How ETF can add value to your Investment Portfolio

  • Posted By :
  • Saturday Apr 06, 2019

Whether you are a new investor or an experienced professional, adding a few Exchange Traded Funds (ETFs) to your portfolio can help grow your investments. For a seasoned professional, ETFs offer low-cost intra-day trading. If you are a new investor, the fundamentals of ETFs are easy to understand, and with its knowledge, you could be acquainted with the securities markets.

Let’s know more about ETFs and its benefits

What is an ETF?

An Exchange Traded Fund (ETF) is similar to the index fund and is traded just like any other stock on a stock exchange. It experiences fluctuations due to the buying and selling that occurs throughout the day. It may track a basket of equities, a commodity, a bond or, an index just like an index fund.

An ETF is similar to a mutual fund regarding diversification and transparency. An ETF has a low cost as it follows a passive investment style with low turnover and its sale price is very close to the actual NAV of the scheme.

Why invest in ETFs?
  • Inexpensive Investment

An expense ratio is similar to annual fees charged to cover a fund’s total annual operating expenses. You can view the expense ratio in a fund’s prospectus and shareholder reports. The expense ratio for ETFs is much lower than the fees charged by mutual funds. This is because ETF trade usually takes place with other investors and not with the fund company. However, you need to pay a commission to the broker while investing.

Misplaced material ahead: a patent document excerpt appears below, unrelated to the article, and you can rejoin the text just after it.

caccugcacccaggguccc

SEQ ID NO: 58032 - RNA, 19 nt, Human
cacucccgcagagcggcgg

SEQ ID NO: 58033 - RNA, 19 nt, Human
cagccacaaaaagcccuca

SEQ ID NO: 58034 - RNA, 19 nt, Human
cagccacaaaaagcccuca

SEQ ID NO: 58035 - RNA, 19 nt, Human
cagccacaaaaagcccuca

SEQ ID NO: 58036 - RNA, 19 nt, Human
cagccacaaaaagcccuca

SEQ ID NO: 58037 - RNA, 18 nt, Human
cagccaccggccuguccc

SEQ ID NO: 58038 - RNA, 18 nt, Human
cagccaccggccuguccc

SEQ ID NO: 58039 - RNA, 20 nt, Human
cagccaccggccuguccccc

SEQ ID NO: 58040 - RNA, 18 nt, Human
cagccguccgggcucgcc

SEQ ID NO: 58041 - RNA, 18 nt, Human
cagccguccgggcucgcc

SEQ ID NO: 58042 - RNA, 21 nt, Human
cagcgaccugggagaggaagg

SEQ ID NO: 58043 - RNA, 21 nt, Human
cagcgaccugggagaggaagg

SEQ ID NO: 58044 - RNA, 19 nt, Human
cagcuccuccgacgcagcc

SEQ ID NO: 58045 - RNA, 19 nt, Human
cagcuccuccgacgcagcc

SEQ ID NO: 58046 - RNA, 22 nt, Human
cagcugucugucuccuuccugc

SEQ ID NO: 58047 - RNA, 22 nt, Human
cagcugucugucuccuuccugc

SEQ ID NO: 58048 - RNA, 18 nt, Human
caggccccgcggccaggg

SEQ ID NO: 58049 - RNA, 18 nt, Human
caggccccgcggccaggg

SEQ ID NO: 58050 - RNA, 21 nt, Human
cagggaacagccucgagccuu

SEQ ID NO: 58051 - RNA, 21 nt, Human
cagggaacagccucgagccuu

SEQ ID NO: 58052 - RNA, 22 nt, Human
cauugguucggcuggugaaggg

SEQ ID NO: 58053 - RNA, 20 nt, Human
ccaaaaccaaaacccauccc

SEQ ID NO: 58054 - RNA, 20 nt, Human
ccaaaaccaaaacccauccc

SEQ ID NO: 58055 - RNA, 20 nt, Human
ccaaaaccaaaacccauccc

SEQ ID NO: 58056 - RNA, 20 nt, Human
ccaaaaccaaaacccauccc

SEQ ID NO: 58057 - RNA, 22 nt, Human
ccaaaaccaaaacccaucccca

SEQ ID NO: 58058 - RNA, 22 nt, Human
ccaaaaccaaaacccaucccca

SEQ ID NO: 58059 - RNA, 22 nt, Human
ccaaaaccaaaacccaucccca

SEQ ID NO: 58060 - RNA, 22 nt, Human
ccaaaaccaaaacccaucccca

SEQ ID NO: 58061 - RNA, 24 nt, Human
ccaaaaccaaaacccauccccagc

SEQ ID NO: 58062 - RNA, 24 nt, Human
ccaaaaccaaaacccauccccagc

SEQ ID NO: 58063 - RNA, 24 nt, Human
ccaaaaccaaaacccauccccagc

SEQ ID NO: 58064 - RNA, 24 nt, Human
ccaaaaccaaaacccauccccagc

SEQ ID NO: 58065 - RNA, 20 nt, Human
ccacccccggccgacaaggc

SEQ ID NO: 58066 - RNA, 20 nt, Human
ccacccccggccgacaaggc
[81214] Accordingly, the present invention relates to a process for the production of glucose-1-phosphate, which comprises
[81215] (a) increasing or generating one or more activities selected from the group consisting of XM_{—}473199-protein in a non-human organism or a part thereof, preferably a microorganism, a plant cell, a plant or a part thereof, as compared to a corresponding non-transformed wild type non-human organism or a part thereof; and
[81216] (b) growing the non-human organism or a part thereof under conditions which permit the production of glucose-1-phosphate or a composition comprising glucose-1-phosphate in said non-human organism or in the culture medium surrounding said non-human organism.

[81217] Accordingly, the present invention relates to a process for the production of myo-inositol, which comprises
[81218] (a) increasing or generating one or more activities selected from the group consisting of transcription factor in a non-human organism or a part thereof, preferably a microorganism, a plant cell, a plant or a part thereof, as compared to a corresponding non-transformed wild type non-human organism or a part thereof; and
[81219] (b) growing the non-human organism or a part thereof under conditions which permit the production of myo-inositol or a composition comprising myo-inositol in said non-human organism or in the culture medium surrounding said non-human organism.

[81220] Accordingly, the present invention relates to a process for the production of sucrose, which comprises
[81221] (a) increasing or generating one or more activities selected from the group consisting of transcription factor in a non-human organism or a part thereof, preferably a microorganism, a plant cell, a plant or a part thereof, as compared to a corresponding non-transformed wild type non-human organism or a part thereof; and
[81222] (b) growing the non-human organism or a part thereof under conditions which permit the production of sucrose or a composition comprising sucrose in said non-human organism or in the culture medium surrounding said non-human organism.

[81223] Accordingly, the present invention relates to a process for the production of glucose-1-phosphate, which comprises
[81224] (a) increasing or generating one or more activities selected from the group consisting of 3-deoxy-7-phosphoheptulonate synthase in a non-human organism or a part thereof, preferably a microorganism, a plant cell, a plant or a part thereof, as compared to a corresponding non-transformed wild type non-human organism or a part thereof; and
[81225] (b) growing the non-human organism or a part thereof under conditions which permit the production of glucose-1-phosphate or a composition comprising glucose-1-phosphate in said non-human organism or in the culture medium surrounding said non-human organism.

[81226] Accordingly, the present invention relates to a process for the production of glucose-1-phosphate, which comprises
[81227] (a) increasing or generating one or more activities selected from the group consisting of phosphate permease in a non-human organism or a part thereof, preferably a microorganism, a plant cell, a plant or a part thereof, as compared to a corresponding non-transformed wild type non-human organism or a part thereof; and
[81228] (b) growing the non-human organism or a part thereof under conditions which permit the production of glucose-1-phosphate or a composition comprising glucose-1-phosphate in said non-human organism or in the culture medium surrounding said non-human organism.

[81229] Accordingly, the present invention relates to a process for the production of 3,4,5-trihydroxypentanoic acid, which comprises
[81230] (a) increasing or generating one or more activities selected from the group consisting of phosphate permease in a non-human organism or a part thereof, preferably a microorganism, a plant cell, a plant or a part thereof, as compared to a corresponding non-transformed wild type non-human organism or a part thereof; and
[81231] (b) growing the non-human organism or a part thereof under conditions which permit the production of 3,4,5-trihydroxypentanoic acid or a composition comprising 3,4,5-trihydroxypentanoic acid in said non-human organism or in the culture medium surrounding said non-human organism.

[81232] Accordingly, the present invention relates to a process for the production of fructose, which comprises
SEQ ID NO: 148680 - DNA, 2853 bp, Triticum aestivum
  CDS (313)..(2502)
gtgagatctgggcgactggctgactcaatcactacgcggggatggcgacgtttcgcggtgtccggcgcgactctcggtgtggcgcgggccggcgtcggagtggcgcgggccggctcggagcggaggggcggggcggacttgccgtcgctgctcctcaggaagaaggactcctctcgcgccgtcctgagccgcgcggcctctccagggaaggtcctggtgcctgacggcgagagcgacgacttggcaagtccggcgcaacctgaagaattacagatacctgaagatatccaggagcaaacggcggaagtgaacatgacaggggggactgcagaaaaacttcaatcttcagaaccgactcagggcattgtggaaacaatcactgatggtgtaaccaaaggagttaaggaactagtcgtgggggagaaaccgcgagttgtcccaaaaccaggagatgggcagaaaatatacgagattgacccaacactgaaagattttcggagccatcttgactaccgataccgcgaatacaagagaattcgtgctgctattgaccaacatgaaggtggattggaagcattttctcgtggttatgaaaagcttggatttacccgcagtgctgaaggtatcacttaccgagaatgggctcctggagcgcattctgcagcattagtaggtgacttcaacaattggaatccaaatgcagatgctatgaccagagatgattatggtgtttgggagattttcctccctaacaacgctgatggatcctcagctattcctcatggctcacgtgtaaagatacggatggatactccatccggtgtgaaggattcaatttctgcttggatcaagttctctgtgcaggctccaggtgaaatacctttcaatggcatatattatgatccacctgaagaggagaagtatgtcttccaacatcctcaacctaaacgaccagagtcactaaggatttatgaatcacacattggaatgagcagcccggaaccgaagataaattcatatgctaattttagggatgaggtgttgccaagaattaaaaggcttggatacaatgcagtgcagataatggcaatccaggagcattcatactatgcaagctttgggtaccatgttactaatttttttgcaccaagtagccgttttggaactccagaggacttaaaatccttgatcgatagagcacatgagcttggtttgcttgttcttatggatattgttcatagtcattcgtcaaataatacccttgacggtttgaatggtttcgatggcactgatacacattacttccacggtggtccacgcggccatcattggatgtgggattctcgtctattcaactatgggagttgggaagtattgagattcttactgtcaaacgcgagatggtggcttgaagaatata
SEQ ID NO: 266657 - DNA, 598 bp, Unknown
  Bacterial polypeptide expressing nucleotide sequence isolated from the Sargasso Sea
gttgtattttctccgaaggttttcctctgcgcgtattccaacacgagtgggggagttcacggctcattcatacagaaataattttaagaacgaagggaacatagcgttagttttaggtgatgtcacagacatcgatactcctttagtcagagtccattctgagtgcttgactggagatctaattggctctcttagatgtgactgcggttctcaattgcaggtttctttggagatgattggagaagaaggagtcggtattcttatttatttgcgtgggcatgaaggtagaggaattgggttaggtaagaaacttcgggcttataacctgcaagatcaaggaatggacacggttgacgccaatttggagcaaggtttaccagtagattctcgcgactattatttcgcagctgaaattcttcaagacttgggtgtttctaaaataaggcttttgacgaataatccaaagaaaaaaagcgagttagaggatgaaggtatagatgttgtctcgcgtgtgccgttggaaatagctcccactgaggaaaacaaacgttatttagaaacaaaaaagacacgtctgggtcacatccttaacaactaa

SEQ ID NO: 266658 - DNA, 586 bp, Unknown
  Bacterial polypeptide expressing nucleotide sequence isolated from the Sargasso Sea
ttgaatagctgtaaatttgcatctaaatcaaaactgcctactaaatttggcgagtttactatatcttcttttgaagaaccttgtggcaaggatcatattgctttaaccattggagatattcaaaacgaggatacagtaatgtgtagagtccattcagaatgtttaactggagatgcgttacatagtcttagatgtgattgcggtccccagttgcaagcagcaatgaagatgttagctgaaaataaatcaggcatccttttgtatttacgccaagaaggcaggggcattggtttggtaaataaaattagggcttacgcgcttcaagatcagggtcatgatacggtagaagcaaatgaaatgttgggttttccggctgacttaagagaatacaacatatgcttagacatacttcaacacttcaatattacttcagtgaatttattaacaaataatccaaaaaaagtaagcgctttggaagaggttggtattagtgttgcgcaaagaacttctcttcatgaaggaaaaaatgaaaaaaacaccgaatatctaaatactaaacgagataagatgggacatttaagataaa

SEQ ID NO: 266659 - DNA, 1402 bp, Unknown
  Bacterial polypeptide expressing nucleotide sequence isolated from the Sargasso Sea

Presently, ETFs are available at an expense ratio as low as 0.5%. This is lower than the average expense ratio of an index fund, which is around 1.3%.

  • Flexibility

A mutual fund can only be bought and sold at the end of the day’s Net Asset Value (NAV) whereas an ETF can be traded at real-time NAV. This is because ETFs are traded just like stocks and thus can be bought and sold throughout the day.

  • More tax efficient

An investor pays taxes for capital gains and dividend income derived from both, ETFs and mutual funds. In ETFs, there are fewer taxable events as they are simply traded between investors. Fewer taxable events mean lower tax liability. Thus, an ETF is more tax efficient than a mutual fund.

  • Intraday trading

Intra-day trading is possible at a meagre cost with an ETF. Intra-day trading can get very expensive in the case of closed-ended mutual funds, whereas with open-ended mutual funds, intraday trading is not possible.

Active vs Passive Mutual Funds

Mutual Funds may be either actively or passively managed. Passive ETFs mutual funds are designed to mimic an index focusing on equities or commodities of a basket of an asset class. In actively managed funds, a team of fund managers select securities with the intention of outperforming the index.

In an efficient market, where it is difficult to outperform the index, fund managers often suggest investing in passive funds. However, active funds are popular for exceeding in the general market and thus show higher growth potential. A smart investor can benefit from a blend of both actively and passively managed funds.


For new investors, starting with a small corpus, ETF is an inexpensive choice. Based on the investor’s risk appetite, ETFs provide better risk-adjusted returns compared with sector or stock specific investments. Lower expense ratio and cost efficiency make ETFs the right funds to grow your portfolio.

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